This is the point at which we lose our minds

Bomb threat at the federal courthouse, following wrong reports about an arrest. Suspicious vehicles checked at Brigham and Women's and in Maverick Square. Sirens all over. After somebody went on Twitter to warn people to stay away from Harvard Square, Cambridge Police had to tweet:

The area is SAFE

On the return-to-normalcy side, people are returning to Twitter to complain about the T, stuff like switch problems on the Red Line and Massholes on commuter rail:

Manners-free MBCR rider visibly annoyed by having to move newspapers/share 3-person seat. just threw papers on the floor.



Free tagging: 


Keep Cahm!

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Well I haven't posted on here in many, many years, but boy, I've been watching UHub and since Monday. Thinking about you all lots and lots from down here in Raleigh, NC. I love Boston (even though I didn't have the moxie to keep living there). You'll get through, guys. :)

I don't know the guy's name,

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I don't know the guy's name, but the man on NECN down by the courthouse just had a solid three minutes on the media's "frustration" that officials are refusing to respond to things the media is making up and reporting ("reporting") on. This is the point at which all our connectivity becomes less useful.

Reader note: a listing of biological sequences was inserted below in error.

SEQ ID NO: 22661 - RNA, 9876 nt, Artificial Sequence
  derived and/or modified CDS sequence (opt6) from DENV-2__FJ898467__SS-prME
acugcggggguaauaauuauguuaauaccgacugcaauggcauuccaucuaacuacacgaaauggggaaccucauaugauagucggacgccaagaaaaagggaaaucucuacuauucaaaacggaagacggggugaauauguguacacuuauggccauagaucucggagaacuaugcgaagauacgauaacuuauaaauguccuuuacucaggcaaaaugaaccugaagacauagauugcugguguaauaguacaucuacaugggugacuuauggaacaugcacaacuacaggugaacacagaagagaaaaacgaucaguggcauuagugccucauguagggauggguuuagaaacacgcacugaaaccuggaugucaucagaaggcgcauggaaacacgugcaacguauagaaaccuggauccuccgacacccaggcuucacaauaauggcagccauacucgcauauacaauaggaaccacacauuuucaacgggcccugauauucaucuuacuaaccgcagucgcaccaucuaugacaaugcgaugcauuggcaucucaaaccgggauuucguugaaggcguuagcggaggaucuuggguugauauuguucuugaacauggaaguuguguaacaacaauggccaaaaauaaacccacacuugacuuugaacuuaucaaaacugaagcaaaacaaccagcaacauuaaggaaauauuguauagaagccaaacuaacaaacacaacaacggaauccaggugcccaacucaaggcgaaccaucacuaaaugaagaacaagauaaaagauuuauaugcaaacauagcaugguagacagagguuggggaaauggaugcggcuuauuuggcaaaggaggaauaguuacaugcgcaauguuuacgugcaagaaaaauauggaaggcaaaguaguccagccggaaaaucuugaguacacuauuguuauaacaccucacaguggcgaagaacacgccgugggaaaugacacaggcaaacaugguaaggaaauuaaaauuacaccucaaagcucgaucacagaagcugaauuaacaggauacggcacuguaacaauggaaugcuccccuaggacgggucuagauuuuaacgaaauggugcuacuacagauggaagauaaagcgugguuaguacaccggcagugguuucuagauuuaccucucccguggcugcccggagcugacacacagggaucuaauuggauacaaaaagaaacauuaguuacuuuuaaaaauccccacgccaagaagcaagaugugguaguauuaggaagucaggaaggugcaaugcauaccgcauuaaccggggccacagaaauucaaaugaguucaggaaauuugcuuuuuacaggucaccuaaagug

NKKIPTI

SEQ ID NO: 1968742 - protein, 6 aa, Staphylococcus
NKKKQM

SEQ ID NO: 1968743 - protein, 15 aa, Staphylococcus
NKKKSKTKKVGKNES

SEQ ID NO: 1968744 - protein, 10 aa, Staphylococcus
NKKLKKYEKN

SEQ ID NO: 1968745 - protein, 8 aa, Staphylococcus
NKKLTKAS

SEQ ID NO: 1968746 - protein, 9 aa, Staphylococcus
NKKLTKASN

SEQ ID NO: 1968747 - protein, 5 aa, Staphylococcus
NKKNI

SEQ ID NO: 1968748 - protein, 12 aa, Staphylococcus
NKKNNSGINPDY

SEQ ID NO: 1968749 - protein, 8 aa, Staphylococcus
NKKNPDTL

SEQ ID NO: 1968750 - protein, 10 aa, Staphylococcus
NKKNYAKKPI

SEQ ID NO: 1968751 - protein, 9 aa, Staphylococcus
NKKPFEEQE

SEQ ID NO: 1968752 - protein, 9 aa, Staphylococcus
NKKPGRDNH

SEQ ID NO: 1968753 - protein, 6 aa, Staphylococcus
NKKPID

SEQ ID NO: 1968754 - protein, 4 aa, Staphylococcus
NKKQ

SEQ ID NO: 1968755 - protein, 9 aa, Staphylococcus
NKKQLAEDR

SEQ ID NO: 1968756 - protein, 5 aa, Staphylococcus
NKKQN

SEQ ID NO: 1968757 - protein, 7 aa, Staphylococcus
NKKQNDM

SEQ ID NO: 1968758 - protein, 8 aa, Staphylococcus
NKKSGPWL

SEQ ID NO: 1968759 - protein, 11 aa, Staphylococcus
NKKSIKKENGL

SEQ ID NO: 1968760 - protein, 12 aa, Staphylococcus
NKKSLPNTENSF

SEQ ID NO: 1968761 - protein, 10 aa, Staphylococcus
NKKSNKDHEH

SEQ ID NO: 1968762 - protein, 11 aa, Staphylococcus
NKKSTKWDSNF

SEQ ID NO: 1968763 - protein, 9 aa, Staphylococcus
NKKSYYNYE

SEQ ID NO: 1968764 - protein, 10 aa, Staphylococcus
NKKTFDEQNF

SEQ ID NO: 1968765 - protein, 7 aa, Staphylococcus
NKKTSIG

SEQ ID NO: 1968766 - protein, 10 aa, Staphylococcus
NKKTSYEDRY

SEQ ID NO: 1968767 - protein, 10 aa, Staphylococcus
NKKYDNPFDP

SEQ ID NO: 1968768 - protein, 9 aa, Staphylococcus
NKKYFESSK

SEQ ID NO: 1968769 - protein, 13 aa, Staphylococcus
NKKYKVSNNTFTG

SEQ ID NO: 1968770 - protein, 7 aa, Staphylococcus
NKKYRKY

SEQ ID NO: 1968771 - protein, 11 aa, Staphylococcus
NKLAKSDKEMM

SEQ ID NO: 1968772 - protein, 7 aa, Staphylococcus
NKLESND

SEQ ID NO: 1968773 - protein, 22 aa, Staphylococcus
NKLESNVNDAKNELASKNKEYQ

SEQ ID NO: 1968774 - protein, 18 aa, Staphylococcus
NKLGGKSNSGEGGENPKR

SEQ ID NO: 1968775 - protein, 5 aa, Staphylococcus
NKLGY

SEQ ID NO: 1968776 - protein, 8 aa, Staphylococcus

The officials want to prevent "infotainment"...

...from taking away from their investigation.

The officials want to make sure they have the correct facts before the media reports it. Although social media has been outstanding since the attack, the regular media is looking for anything as insignificant as a used kleenex so it can blare "Breaking News!" on the screen. Something like that could kill an investigation by wasting time calming the hyperactive media down.


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Rumor and conjecture have always outpaced the facts. Unfortunately, with the 24-hour news cycle and the insatiable demand of the media-consuming public for facts now now now, rumor and conjecture gets the imprimatur of the media, whether it's NY Post, CNN,

I'd like to see a media source say, We might not get it first, but we'll get it right.

The Truth

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What's that quote from the Discworld book? Something about how rumor's on the other side of the world before the truth can even get its boots on.

Big fan of Pratchett, but that's older than Discworld

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Yeah, OT, but I can't help myself:

Often mis-attributed to Mark Twain, the oldest known version of the quote comes from a 1855 sermon by Charles Haddon Spurgeon, an English Baptist preacher. He's relatively well known in the UK, and Pratchett probably lifted it directly from him when he used it in _The Truth_.

The Rev said:
"...You know there is not a man that stands at all prominent, but what any fool in the world can set afloat some bad tale against him. It is a great deal easier to set a story afloat than to stop it. If you want truth to go round the world you must hire an express train to pull it; but if you want a lie to go round the world, it will fly: it is as light as a feather, and a breath will carry it. It is well said in the old proverb, 'A lie will go round the world while truth is pulling its boots on.' ..."

But no one has ever found a printed expression of that 'proverb', so Rev Spurgeon gets the credit!